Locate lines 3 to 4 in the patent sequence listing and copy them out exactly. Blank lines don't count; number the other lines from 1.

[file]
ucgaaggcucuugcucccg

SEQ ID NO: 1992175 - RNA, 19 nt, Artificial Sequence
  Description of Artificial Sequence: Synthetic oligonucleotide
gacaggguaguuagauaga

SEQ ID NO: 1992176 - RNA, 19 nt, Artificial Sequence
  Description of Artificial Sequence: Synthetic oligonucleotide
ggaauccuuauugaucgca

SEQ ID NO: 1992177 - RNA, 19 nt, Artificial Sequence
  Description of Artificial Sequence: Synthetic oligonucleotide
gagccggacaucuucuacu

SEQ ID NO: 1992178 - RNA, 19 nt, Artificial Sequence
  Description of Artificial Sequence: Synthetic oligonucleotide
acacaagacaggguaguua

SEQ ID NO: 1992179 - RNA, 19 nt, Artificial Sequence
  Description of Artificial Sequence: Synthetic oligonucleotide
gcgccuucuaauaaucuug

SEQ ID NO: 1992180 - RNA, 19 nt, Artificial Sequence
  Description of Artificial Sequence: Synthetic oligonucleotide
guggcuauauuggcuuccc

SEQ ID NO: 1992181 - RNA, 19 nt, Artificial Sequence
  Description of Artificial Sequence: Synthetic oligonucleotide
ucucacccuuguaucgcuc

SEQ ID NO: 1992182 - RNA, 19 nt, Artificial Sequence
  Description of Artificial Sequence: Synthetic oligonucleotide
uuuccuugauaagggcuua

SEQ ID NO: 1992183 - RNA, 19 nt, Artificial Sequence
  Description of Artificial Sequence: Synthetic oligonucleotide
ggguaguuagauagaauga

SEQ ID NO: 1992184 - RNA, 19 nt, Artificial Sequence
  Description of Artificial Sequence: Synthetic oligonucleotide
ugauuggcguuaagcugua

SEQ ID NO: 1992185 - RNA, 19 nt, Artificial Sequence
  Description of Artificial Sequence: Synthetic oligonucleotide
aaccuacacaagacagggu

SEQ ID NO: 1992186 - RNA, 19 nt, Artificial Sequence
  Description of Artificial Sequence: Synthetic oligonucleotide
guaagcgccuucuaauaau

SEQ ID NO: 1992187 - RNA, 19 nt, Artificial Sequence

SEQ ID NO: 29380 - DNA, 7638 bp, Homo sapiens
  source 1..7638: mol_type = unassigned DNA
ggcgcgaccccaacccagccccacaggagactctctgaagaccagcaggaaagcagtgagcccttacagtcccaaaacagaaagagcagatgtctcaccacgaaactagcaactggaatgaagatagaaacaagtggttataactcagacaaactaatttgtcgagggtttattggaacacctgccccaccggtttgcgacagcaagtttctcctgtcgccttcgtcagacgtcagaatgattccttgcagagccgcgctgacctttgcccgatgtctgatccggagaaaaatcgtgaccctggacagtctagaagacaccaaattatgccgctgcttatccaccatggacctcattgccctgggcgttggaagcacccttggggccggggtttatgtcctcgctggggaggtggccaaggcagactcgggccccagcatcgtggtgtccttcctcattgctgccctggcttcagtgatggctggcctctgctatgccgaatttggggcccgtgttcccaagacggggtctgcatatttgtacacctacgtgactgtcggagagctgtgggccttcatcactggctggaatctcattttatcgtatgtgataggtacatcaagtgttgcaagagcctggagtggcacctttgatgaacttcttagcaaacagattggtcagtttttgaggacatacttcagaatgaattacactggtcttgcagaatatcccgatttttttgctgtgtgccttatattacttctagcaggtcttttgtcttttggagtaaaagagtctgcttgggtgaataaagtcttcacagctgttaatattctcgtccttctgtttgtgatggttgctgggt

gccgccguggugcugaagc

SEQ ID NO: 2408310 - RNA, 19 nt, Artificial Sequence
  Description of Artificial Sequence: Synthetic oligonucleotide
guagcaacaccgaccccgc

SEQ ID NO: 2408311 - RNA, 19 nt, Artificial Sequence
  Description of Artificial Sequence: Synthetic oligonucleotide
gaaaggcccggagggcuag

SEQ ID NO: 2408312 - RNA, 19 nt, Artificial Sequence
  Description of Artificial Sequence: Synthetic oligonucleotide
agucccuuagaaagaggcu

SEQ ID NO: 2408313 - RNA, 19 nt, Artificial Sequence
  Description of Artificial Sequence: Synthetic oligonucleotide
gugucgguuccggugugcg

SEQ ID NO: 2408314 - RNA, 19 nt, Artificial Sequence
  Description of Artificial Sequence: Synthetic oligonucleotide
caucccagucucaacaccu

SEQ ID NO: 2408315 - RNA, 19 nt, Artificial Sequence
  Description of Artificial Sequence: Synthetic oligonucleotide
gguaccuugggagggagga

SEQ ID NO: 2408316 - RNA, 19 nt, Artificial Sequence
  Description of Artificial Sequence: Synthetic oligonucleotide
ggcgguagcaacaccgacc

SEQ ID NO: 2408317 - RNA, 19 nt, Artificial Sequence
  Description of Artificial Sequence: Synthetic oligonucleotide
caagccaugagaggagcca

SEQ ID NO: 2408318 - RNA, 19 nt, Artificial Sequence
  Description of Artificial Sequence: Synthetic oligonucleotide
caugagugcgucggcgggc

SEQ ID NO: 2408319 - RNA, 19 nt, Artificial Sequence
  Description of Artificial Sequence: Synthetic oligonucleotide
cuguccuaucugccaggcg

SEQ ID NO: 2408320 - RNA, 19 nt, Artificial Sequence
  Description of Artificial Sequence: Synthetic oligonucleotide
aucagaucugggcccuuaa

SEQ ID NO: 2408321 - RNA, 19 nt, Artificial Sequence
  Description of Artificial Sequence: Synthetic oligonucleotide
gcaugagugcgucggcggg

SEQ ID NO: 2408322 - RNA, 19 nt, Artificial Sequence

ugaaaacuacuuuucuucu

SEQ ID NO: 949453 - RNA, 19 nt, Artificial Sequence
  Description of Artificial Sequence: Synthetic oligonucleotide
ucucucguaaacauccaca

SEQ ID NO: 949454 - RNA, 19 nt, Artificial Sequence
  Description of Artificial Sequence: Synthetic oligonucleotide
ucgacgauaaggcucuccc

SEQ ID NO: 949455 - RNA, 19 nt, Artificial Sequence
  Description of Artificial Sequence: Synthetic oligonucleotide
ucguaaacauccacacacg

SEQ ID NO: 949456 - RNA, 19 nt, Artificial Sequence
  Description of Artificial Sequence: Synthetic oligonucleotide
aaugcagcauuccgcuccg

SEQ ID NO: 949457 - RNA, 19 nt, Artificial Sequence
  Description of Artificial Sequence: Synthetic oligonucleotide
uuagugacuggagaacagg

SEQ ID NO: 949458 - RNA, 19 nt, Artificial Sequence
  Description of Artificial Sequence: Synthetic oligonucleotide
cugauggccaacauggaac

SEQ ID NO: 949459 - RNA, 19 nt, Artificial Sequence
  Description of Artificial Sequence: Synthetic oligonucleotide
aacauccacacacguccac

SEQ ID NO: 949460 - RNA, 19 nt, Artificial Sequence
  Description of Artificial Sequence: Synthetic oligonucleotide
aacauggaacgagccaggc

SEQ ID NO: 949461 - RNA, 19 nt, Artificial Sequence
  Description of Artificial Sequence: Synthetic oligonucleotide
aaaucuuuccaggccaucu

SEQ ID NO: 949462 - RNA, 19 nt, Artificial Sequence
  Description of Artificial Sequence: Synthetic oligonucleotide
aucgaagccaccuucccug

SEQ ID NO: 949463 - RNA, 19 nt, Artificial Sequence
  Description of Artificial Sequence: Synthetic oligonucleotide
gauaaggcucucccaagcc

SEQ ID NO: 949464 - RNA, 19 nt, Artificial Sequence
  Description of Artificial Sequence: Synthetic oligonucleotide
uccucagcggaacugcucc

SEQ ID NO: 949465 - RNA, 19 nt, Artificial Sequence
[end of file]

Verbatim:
  Description of Artificial Sequence: Synthetic oligonucleotide
gacaggguaguuagauaga